Disease Management Gets Mobile

In the country of Rwanda, 3.1 percent of the adult population is thought to be now living with HIV or ill with AIDS, and some 21,000 people die from the virus every year. Like many African countries besieged with AIDS, Rwanda has little modern medical infrastructure, few physicians, and a rudimentary system for gathering public health information.

That last factor could change soon, with the deployment of a new software application for mobile phones that will make it much easier for doctors and health officials to track the disease and monitor patients. Developed by Voxiva, a Washington-based application services provider with a focus on sustainable technology to solve public-health issues in the developing world, and distributed under a pilot program with the support of the GSM Association (GSMA) 's Development Fund, the new mobile client could help transform the way epidemics -- including AIDS, cholera, avian flu, and other diseases ravaging Third-World communities -- are tracked and managed.

As expensive drug "cocktails" for managing the disease become available to large segments of the population, the handling of information becomes critical, says Dr. Anand Narasimhan, co-founder and CTO of Voxiva.

"These people will need treatment for the rest of their lives. They're taking these expensive drug combinations, and they need to be monitored on a frequent basis to see if the regimen is working," says Narasimhan. "It's a very expensive treatment and care environment for a large population under treatment, and it's not sustainable long-term without an effective information management system."

In African and Asian countries like Rwanda and Indonesia -- where a parallel program using the new software is underway to track avian influenza, or "bird flu" -- access to the Internet from remote villages is often nonexistent. Cellphone coverage, however, is nearly ubiquitous. Voxiva's suite of software solutions, which go under the collective name of Health Management Information Systems (HMIS), can now be accessed using the new mobile-phone client, which works on GSM/GPRS devices. In places where even GPRS is unavailable, the Java-based client uses an SMS data channel to transmit the information.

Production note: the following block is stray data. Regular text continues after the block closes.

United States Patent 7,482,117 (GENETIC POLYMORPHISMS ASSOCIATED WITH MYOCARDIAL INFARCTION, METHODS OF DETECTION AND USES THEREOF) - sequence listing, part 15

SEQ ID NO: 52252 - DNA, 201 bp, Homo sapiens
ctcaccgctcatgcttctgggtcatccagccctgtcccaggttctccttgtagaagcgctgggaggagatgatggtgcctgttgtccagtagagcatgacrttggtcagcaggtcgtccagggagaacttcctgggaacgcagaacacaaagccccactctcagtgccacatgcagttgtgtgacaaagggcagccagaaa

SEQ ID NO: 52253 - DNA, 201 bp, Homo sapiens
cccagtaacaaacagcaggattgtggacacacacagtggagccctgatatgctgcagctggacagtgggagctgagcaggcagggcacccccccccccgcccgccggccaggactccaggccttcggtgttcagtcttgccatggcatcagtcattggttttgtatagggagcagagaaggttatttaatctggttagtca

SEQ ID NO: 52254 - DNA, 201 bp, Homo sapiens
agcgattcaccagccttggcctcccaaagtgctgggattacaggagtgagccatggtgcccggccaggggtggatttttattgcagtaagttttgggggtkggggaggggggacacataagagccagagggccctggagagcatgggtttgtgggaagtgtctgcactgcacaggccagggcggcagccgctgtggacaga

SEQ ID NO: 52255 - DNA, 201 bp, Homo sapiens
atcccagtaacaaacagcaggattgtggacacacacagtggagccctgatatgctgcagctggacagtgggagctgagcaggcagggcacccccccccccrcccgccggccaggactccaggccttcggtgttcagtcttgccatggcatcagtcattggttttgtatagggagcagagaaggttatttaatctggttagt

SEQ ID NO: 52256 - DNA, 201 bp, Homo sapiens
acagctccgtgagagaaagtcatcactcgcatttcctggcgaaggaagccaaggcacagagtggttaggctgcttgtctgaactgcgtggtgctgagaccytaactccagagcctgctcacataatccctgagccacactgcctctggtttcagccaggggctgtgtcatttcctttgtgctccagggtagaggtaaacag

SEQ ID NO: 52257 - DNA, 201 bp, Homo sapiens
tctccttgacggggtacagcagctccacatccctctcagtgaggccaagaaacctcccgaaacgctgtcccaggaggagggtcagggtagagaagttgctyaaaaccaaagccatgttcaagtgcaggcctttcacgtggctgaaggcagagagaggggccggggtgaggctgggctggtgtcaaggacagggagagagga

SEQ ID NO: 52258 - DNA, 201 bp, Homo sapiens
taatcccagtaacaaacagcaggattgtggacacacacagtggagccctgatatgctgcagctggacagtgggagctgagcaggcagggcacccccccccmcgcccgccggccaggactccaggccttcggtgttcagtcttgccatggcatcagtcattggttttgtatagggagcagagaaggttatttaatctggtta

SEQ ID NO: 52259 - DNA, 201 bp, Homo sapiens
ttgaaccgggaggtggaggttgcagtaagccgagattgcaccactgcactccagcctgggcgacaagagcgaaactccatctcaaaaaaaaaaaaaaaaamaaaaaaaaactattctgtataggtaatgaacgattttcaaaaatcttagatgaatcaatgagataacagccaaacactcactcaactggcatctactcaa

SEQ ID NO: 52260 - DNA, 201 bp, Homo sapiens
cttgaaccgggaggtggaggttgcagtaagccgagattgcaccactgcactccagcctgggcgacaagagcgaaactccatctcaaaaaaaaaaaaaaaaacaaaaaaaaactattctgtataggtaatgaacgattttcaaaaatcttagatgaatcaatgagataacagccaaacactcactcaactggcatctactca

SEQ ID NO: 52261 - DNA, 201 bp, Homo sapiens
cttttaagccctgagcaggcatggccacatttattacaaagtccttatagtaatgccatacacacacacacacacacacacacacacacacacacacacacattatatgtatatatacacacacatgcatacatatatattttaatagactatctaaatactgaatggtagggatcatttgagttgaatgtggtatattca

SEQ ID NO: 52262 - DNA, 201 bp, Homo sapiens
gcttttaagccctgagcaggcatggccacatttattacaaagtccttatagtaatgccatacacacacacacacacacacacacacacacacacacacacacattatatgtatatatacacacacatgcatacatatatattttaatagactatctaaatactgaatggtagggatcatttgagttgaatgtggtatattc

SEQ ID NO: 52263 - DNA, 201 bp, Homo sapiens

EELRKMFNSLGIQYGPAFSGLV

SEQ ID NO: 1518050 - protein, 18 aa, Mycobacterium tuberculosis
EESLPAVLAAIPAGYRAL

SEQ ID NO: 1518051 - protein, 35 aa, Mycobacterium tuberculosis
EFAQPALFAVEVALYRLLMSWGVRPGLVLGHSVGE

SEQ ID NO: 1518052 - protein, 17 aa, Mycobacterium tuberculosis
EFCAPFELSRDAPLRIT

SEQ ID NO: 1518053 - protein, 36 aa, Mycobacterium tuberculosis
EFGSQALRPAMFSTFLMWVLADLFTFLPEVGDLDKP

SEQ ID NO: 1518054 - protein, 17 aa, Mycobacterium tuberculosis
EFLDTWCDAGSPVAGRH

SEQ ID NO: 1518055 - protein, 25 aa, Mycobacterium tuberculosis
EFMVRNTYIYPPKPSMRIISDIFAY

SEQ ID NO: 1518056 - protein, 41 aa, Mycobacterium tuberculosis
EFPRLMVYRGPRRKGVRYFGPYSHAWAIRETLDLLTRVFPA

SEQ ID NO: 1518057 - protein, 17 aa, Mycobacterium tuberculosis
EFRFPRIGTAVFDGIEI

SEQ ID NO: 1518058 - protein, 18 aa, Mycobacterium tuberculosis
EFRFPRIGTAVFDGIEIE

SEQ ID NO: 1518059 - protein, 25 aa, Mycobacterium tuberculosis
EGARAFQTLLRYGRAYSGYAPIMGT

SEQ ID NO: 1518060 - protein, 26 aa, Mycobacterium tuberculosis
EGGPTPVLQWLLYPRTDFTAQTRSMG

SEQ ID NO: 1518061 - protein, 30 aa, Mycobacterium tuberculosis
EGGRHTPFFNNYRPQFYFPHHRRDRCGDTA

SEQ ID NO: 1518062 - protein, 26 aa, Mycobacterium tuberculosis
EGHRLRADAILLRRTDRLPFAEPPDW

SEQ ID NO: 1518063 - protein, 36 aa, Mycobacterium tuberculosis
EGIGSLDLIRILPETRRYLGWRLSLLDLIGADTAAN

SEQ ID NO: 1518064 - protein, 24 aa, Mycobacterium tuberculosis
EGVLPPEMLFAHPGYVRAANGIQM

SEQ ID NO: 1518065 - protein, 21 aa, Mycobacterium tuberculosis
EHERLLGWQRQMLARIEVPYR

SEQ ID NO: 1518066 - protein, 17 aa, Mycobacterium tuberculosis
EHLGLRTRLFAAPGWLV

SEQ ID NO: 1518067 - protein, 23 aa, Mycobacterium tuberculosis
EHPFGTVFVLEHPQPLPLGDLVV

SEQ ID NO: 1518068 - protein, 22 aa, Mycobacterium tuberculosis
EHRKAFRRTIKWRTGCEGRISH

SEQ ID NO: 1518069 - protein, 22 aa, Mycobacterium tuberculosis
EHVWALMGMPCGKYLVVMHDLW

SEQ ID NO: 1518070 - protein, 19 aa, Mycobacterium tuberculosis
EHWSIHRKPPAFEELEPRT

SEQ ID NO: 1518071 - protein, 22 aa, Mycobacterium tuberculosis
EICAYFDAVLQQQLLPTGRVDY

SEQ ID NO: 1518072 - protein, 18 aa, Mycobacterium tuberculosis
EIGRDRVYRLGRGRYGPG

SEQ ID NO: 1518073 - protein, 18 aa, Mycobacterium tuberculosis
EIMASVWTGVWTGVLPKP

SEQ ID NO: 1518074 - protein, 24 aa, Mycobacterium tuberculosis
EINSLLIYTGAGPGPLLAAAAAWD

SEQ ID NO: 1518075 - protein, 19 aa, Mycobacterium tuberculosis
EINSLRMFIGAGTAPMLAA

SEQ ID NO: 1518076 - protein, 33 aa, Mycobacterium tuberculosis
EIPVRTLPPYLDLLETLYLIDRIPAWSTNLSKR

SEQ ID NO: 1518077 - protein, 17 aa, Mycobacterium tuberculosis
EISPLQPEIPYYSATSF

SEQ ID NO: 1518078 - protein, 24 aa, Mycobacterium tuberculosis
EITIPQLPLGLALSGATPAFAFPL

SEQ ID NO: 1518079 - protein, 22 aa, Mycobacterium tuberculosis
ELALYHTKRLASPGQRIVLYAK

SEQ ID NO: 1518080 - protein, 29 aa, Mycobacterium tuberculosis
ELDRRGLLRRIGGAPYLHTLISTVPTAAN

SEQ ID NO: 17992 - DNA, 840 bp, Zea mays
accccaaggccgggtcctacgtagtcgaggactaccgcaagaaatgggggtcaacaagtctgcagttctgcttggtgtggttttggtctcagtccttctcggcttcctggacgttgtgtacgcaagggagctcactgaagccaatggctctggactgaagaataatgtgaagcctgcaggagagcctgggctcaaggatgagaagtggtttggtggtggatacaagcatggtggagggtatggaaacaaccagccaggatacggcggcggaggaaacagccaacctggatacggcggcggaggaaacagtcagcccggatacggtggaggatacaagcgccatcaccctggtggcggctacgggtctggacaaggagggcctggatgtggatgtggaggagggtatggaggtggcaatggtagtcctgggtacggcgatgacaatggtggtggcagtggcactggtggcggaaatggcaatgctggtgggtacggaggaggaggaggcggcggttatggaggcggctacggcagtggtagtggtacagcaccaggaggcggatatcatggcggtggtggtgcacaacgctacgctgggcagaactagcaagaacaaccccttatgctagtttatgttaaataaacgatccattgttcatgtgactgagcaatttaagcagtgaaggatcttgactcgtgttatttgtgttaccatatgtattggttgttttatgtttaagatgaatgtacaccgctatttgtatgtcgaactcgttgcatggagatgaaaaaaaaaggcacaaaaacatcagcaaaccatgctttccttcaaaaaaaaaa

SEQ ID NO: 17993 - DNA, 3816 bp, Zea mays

Health workers can use the software to quickly relay critical disease information including disease-outbreak alerts, patient information, disease tracking data, orders for new medicines and supplies, and so on. In cases like bird flu outbreaks, getting timely information from remote locations is often critical to limiting the disease's spread and saving lives.

Voxiva was founded in early 2001 by Narasimhan and a pair of former Clinton administration officials: Paul Meyer, who led the effort to set up the post-war telecommunications system in Kosovo; and Pamela Johnson, the deputy director of the White House Task Force on Reinventing Government. Combining their years of experience working on Third-World public-health and telecommunications systems, the trio focused on keeping their health-management systems low-tech and cost-effective.

"The premise of the company is that we need to leverage whatever infrastructure is already in place," observes Narasimhan. "A lot of organizations have put in expensive, sophisticated computer systems in low-resource environments where they can't be sustained. But at the same time the mobile-phone markets in these countries are exploding."

According to some estimates, mobile-phone subscriber growth in sub-Saharan Africa has reached 150 percent annually, and there are now almost 10 mobile phones for every 100 people in Africa -- up from three in 2001.

"This technology is revolutionizing how medical data is captured in the field," said Dr. Louis Munyakazi, director general of Rwanda's National Institute of Statistics, in a statement.

Following the success of the pilot program, the GSMA and Voxiva plan to roll out the mobile software client across Rwanda and other African countries, including Nigeria, Tanzania, and South Africa.

— Richard Martin, Senior Editor, Unstrung

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